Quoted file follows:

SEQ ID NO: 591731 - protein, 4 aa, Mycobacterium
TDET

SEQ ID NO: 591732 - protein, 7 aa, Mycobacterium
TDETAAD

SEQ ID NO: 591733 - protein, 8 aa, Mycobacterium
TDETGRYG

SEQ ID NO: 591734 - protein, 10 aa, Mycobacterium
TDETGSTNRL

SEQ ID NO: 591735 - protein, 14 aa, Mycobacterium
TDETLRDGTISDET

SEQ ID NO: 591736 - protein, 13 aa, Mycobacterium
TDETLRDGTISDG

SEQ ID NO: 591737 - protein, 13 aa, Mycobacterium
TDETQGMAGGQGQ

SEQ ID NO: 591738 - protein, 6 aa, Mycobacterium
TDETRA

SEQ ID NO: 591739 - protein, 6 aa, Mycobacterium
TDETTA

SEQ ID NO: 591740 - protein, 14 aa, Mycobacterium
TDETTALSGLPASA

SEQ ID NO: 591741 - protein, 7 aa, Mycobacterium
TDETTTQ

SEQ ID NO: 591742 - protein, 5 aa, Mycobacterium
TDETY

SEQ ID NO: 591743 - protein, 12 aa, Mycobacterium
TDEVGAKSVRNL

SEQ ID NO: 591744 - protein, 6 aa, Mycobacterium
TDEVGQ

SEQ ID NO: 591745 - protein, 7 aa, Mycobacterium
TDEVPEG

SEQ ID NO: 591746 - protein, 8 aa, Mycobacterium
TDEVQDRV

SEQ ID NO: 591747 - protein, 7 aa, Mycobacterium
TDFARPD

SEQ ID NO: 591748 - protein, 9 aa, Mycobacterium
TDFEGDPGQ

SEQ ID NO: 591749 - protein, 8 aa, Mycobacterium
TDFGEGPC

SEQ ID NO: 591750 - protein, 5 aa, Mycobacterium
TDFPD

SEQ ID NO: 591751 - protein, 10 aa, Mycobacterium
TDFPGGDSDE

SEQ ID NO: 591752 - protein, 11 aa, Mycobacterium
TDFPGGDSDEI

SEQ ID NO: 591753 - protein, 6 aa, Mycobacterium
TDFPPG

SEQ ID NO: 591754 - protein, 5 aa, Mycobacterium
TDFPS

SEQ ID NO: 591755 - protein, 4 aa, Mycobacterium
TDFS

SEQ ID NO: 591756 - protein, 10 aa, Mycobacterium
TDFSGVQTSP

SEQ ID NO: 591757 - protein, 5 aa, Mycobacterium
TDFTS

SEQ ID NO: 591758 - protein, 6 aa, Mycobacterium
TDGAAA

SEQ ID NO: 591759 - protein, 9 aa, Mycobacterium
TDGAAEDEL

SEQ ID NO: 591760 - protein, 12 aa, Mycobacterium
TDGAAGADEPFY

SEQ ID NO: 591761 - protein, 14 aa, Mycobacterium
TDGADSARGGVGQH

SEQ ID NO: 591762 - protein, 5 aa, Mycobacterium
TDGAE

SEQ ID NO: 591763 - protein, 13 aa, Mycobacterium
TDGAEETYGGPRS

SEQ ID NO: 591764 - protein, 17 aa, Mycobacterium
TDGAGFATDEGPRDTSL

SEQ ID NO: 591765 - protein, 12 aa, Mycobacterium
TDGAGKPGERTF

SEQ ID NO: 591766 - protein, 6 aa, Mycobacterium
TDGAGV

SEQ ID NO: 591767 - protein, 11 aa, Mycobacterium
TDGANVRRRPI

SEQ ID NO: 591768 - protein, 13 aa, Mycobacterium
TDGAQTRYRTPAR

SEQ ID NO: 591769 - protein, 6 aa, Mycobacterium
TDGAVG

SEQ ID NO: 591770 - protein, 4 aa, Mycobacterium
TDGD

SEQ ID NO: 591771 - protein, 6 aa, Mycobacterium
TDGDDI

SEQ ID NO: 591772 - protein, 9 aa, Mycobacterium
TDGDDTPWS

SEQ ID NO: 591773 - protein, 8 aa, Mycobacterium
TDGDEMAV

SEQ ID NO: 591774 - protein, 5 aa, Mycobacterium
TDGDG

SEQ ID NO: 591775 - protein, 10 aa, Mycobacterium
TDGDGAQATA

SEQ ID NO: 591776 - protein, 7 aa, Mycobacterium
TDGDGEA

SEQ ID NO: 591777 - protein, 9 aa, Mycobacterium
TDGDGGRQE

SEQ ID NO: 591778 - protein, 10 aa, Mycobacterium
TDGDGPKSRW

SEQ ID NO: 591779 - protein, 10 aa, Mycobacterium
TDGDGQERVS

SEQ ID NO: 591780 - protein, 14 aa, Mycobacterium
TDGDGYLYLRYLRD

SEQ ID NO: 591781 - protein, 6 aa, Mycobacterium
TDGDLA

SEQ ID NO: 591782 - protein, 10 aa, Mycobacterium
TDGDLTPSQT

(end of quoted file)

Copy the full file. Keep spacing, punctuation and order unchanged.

SEQ ID NO: 591731 - protein, 4 aa, Mycobacterium
TDET

SEQ ID NO: 591732 - protein, 7 aa, Mycobacterium
TDETAAD

SEQ ID NO: 591733 - protein, 8 aa, Mycobacterium
TDETGRYG

SEQ ID NO: 591734 - protein, 10 aa, Mycobacterium
TDETGSTNRL

SEQ ID NO: 591735 - protein, 14 aa, Mycobacterium
TDETLRDGTISDET

SEQ ID NO: 591736 - protein, 13 aa, Mycobacterium
TDETLRDGTISDG

SEQ ID NO: 591737 - protein, 13 aa, Mycobacterium
TDETQGMAGGQGQ

SEQ ID NO: 591738 - protein, 6 aa, Mycobacterium
TDETRA

SEQ ID NO: 591739 - protein, 6 aa, Mycobacterium
TDETTA

SEQ ID NO: 591740 - protein, 14 aa, Mycobacterium
TDETTALSGLPASA

SEQ ID NO: 591741 - protein, 7 aa, Mycobacterium
TDETTTQ

SEQ ID NO: 591742 - protein, 5 aa, Mycobacterium
TDETY

SEQ ID NO: 591743 - protein, 12 aa, Mycobacterium
TDEVGAKSVRNL

SEQ ID NO: 591744 - protein, 6 aa, Mycobacterium
TDEVGQ

SEQ ID NO: 591745 - protein, 7 aa, Mycobacterium
TDEVPEG

SEQ ID NO: 591746 - protein, 8 aa, Mycobacterium
TDEVQDRV

SEQ ID NO: 591747 - protein, 7 aa, Mycobacterium
TDFARPD

SEQ ID NO: 591748 - protein, 9 aa, Mycobacterium
TDFEGDPGQ

SEQ ID NO: 591749 - protein, 8 aa, Mycobacterium
TDFGEGPC

SEQ ID NO: 591750 - protein, 5 aa, Mycobacterium
TDFPD

SEQ ID NO: 591751 - protein, 10 aa, Mycobacterium
TDFPGGDSDE

SEQ ID NO: 591752 - protein, 11 aa, Mycobacterium
TDFPGGDSDEI

SEQ ID NO: 591753 - protein, 6 aa, Mycobacterium
TDFPPG

SEQ ID NO: 591754 - protein, 5 aa, Mycobacterium
TDFPS

SEQ ID NO: 591755 - protein, 4 aa, Mycobacterium
TDFS

SEQ ID NO: 591756 - protein, 10 aa, Mycobacterium
TDFSGVQTSP

SEQ ID NO: 591757 - protein, 5 aa, Mycobacterium
TDFTS

SEQ ID NO: 591758 - protein, 6 aa, Mycobacterium
TDGAAA

SEQ ID NO: 591759 - protein, 9 aa, Mycobacterium
TDGAAEDEL

SEQ ID NO: 591760 - protein, 12 aa, Mycobacterium
TDGAAGADEPFY

SEQ ID NO: 591761 - protein, 14 aa, Mycobacterium
TDGADSARGGVGQH

SEQ ID NO: 591762 - protein, 5 aa, Mycobacterium
TDGAE

SEQ ID NO: 591763 - protein, 13 aa, Mycobacterium
TDGAEETYGGPRS

SEQ ID NO: 591764 - protein, 17 aa, Mycobacterium
TDGAGFATDEGPRDTSL

SEQ ID NO: 591765 - protein, 12 aa, Mycobacterium
TDGAGKPGERTF

SEQ ID NO: 591766 - protein, 6 aa, Mycobacterium
TDGAGV

SEQ ID NO: 591767 - protein, 11 aa, Mycobacterium
TDGANVRRRPI

SEQ ID NO: 591768 - protein, 13 aa, Mycobacterium
TDGAQTRYRTPAR

SEQ ID NO: 591769 - protein, 6 aa, Mycobacterium
TDGAVG

SEQ ID NO: 591770 - protein, 4 aa, Mycobacterium
TDGD

SEQ ID NO: 591771 - protein, 6 aa, Mycobacterium
TDGDDI

SEQ ID NO: 591772 - protein, 9 aa, Mycobacterium
TDGDDTPWS

SEQ ID NO: 591773 - protein, 8 aa, Mycobacterium
TDGDEMAV

SEQ ID NO: 591774 - protein, 5 aa, Mycobacterium
TDGDG

SEQ ID NO: 591775 - protein, 10 aa, Mycobacterium
TDGDGAQATA

SEQ ID NO: 591776 - protein, 7 aa, Mycobacterium
TDGDGEA

SEQ ID NO: 591777 - protein, 9 aa, Mycobacterium
TDGDGGRQE

SEQ ID NO: 591778 - protein, 10 aa, Mycobacterium
TDGDGPKSRW

SEQ ID NO: 591779 - protein, 10 aa, Mycobacterium
TDGDGQERVS

SEQ ID NO: 591780 - protein, 14 aa, Mycobacterium
TDGDGYLYLRYLRD

SEQ ID NO: 591781 - protein, 6 aa, Mycobacterium
TDGDLA

SEQ ID NO: 591782 - protein, 10 aa, Mycobacterium
TDGDLTPSQT